Shooting Forward – Richard Howell – Junior, 6-8, 250; 2010-11: 16.3 ppg, 10.7 rpg.

Howell leads the Wolfpack in scoring this season. A whopping 81 percent of his shots are in the paint, where he is averaging a 61 percent shooting rate. This is a high-efficiency player who will be difficult to handle for the Dores, since Painter will already command attention on the low blocks.


Scott Brown rolled his ankle in the opening minutes against Princeton and is doubtful for the game, but if he does play, his 8 points per game and 58 percent 3-point shooting clip will certainly give the 6-6, 175-pound shooting forward a place on the floor. The game will mark the return of C.J. Leslie as mentioned, and the Wolfpack Nation is anxious to see how the 6-8, 209-pound sophomore forward has progressed since a freshman season that most regarded as sub-par.

Also likely to see significant time for the Wolfpack are 7-1 junior center Jordan Vandenberg, averaging 2.7 points and 4.0 rebounds per game in 16 minutes, and 6-8 203-pound freshman forward Tyler Harris, with 4.7 points per game in an average of 12 minutes per contest.

The Wolfpack is showing promise early in the season; playing a more difficult early-season out-of-conference schedule is something that Wolfpack fans have not seen in many years. Vanderbilt will need to bring its A-game to beat this team, which has shown tenacity and versatility so far this season.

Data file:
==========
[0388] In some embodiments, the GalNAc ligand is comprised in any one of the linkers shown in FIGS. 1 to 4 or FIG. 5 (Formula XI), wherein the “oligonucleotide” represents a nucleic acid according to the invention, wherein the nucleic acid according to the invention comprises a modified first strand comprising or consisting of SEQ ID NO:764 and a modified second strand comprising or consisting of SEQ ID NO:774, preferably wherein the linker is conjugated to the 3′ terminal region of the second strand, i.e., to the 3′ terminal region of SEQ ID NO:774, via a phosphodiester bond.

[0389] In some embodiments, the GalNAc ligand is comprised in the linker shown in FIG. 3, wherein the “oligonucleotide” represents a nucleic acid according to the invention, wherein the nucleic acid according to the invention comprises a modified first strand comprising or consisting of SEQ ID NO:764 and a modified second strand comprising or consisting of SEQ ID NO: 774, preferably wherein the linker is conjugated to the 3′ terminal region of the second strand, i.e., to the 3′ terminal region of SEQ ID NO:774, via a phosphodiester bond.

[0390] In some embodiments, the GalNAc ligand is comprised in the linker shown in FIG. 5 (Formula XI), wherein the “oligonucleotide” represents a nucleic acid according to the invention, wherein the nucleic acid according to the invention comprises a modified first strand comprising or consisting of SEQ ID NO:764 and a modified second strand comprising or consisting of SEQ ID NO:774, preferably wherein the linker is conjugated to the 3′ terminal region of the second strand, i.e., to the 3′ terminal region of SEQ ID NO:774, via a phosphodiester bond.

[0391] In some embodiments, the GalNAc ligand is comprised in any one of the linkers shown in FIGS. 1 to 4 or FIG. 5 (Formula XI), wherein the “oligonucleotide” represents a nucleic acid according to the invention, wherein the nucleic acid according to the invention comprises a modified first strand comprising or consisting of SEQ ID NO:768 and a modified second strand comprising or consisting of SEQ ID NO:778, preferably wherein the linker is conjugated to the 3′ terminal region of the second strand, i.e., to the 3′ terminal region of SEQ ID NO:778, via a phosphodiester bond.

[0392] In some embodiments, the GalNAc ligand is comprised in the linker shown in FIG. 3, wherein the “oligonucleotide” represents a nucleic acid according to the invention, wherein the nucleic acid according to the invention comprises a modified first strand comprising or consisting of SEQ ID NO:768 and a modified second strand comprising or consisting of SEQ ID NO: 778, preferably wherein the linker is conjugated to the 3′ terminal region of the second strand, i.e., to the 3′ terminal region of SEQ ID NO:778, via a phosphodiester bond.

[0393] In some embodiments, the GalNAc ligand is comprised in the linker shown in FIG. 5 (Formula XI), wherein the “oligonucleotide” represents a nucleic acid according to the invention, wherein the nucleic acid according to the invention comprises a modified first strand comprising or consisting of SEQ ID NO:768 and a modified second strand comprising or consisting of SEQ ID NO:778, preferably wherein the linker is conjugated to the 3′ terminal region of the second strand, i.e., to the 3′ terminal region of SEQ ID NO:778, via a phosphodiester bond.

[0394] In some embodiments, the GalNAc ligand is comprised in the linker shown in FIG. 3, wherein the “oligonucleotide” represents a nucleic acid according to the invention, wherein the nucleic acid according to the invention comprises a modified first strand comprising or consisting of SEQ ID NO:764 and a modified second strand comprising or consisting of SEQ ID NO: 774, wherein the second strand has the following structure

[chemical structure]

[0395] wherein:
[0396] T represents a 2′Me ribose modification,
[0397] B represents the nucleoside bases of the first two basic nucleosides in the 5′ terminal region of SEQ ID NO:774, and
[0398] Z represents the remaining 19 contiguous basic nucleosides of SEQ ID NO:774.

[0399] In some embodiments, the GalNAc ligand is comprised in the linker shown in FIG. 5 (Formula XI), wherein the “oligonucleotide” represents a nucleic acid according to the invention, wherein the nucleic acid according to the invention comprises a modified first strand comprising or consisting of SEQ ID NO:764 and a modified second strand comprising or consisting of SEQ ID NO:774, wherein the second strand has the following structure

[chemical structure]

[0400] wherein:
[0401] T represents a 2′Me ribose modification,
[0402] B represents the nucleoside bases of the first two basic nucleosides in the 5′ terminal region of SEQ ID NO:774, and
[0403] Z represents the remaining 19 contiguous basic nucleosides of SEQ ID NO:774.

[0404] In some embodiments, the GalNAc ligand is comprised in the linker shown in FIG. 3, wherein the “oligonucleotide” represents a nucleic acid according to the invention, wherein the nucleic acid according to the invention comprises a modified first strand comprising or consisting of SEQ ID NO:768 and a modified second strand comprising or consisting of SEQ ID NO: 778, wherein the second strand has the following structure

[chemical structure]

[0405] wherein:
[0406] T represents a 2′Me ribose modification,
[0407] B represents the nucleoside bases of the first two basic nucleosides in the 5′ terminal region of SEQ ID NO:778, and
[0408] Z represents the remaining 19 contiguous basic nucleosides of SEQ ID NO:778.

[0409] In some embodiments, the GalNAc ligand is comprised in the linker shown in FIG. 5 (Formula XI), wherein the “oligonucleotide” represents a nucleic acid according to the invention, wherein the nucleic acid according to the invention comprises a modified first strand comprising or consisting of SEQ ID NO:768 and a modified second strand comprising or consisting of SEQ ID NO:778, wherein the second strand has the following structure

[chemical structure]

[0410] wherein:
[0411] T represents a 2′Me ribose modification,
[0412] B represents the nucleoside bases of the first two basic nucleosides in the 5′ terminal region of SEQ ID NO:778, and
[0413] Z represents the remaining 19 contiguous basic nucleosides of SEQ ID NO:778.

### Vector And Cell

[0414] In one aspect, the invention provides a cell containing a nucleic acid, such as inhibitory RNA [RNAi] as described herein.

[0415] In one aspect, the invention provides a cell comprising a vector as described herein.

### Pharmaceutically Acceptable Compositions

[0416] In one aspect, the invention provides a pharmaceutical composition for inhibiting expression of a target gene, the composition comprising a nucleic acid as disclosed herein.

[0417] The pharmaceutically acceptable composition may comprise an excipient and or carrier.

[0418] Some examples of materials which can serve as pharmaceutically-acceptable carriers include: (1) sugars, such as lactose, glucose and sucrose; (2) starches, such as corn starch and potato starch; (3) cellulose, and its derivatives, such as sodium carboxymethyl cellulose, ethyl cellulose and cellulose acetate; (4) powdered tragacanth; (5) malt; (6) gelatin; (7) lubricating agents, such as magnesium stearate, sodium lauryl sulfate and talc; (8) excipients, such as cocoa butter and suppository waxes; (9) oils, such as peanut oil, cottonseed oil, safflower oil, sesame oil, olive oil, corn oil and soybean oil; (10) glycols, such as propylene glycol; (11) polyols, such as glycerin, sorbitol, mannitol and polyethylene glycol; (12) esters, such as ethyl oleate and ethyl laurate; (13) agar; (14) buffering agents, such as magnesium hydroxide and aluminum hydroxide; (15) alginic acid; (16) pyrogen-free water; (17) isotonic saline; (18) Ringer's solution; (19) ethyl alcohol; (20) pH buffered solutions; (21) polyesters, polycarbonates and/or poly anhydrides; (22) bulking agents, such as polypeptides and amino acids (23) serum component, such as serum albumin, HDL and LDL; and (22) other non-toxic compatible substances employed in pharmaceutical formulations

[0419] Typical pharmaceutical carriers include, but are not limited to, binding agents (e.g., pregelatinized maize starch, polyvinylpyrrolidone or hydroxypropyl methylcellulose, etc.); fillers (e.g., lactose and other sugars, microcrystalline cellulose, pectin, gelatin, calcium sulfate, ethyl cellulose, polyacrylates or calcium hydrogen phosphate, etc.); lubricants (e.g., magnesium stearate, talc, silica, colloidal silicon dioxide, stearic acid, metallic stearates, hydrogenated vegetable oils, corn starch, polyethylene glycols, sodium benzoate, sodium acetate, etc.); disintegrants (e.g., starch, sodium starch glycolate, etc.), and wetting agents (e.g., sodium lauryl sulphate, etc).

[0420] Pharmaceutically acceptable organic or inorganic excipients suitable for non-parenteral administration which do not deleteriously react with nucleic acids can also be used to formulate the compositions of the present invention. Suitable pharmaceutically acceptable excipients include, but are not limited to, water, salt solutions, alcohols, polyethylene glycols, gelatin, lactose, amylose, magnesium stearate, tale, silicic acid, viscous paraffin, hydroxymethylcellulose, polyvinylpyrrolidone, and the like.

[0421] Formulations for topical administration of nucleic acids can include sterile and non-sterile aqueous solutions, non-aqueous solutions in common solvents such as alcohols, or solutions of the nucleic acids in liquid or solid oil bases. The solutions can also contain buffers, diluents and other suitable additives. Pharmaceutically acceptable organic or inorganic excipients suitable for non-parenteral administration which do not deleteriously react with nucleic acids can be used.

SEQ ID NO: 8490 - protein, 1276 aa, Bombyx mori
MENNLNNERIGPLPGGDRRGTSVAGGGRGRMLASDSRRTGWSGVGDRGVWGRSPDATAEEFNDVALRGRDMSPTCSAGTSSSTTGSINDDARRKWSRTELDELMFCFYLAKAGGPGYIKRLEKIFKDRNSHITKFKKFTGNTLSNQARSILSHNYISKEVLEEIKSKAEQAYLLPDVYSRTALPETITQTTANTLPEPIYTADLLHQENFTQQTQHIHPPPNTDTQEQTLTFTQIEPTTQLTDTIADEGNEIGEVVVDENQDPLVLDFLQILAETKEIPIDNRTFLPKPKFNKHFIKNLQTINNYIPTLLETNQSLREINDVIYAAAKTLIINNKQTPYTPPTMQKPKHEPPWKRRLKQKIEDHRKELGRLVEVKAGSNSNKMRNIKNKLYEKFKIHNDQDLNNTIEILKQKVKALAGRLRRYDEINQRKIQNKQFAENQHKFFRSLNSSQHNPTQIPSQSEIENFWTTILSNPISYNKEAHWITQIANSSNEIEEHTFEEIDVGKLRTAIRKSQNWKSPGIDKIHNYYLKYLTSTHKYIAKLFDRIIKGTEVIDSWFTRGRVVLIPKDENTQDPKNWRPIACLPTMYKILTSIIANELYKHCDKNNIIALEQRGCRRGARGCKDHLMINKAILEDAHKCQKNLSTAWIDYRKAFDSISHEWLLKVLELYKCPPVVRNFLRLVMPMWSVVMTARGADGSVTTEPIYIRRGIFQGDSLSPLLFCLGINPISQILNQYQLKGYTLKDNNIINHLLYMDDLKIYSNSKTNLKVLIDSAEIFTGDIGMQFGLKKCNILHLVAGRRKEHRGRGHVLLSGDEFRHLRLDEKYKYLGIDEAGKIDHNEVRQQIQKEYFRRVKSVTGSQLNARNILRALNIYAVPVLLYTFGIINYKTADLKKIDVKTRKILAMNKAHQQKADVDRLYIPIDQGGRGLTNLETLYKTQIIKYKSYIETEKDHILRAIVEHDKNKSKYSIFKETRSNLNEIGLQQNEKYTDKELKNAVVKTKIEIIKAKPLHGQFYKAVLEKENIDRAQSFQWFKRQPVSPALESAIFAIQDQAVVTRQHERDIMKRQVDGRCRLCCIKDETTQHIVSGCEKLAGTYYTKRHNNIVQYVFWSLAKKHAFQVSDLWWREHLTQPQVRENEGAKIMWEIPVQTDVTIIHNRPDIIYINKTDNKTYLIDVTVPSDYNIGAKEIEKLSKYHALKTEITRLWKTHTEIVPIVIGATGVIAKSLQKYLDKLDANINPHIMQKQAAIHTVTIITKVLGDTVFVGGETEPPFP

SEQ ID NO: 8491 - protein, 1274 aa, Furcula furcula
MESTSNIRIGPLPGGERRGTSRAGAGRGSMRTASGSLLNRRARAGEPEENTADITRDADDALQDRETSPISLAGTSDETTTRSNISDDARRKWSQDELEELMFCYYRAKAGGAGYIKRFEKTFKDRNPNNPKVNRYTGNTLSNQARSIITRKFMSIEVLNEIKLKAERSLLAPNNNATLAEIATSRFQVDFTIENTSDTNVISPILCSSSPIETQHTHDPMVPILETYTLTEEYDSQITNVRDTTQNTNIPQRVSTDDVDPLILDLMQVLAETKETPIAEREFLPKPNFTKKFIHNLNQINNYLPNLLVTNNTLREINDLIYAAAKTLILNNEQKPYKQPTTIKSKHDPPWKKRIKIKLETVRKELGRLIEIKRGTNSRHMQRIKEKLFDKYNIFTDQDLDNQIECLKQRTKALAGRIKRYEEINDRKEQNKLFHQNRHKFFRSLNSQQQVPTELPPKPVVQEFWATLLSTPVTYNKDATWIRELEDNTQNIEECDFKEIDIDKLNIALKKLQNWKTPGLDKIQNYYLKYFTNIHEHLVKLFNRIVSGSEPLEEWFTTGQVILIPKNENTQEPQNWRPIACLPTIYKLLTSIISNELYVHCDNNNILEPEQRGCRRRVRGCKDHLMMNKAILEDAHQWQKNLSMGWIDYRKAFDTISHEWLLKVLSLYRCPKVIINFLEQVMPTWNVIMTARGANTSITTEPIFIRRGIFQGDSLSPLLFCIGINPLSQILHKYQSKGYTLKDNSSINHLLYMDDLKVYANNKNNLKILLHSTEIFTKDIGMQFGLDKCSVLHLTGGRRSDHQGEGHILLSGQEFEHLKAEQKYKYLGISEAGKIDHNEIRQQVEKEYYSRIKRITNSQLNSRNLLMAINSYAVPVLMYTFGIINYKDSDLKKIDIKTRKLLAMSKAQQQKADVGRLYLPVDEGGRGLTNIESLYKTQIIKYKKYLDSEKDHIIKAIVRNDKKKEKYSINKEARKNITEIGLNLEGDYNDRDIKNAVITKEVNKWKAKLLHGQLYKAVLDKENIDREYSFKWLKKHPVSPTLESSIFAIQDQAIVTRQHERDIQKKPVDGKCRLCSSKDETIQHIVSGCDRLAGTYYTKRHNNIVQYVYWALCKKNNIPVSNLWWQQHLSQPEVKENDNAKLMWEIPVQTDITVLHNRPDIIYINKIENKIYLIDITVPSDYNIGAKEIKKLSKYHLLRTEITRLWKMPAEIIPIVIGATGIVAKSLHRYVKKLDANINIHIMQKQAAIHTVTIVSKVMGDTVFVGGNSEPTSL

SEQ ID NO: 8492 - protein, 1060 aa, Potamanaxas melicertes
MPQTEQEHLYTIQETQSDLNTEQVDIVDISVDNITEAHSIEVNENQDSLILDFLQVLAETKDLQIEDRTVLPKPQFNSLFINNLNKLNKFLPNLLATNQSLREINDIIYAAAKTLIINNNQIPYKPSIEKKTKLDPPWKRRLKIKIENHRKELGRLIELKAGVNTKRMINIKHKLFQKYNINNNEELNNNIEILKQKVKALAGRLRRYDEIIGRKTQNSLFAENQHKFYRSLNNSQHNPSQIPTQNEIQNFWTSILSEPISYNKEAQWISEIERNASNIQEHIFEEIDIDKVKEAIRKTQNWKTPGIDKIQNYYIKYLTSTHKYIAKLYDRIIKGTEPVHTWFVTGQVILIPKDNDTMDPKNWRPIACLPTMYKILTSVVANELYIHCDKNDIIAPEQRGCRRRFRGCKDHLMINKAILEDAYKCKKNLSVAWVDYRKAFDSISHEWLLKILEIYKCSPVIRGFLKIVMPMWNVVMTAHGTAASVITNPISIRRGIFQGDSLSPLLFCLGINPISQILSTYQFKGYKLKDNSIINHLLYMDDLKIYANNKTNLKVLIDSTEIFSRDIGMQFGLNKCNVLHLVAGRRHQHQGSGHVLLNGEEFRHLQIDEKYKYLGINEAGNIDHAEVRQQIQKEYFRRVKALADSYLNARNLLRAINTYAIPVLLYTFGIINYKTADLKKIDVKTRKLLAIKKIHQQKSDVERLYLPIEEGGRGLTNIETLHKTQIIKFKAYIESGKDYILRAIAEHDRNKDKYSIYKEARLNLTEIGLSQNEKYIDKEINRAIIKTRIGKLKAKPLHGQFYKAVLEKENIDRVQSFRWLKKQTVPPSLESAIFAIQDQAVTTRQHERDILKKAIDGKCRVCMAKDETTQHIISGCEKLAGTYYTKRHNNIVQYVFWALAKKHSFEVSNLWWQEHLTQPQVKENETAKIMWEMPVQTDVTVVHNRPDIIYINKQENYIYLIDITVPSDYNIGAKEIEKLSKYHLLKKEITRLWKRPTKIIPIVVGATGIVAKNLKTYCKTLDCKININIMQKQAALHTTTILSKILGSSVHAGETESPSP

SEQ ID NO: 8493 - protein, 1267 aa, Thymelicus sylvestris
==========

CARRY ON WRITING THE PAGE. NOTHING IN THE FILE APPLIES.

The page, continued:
Keys to the Game

1) Paint the lane anything but red.
Mark Gottfried likes the color red. He coached the Alabama Crimson Tide and made a few visits to Memorial Gym over the years. Now he coaches the N.C. State Wolfpack, all dressed in red as well. Vanderbilt can't let the Pack paint the town – or the lane – red in East Rutherford, New Jersey, the very city where Vanderbilt played its most recent Sweet Sixteen game in 2007. The Dores need to establish ownership of the six feet near the rim by locking down Painter and Howell. Steve Tchiengang and Lance Goulbourne will have their work cut out for them.

2) Develop a tournament mentality. This is a neutral-site game being played at the IZOD Center, formerly (and still unofficially) known as the Meadowlands. Vanderbilt needs to view this and any other neutral-site game as a preview of the NCAA Tournament… not out of some expectation that a tourney bid will automatically fall into this team's lap, but in order to cultivate the right attitude in these strange-site showdowns. Vanderbilt needs to attack this game – and the Wolfpack – with relentless intensity, showing the toughness that needs to be present at all times in a season of such pronounced possibility.

DAVID MINTER is a freelance sportswriter who provided the North Carolina State portion of this scouting report. Top Stories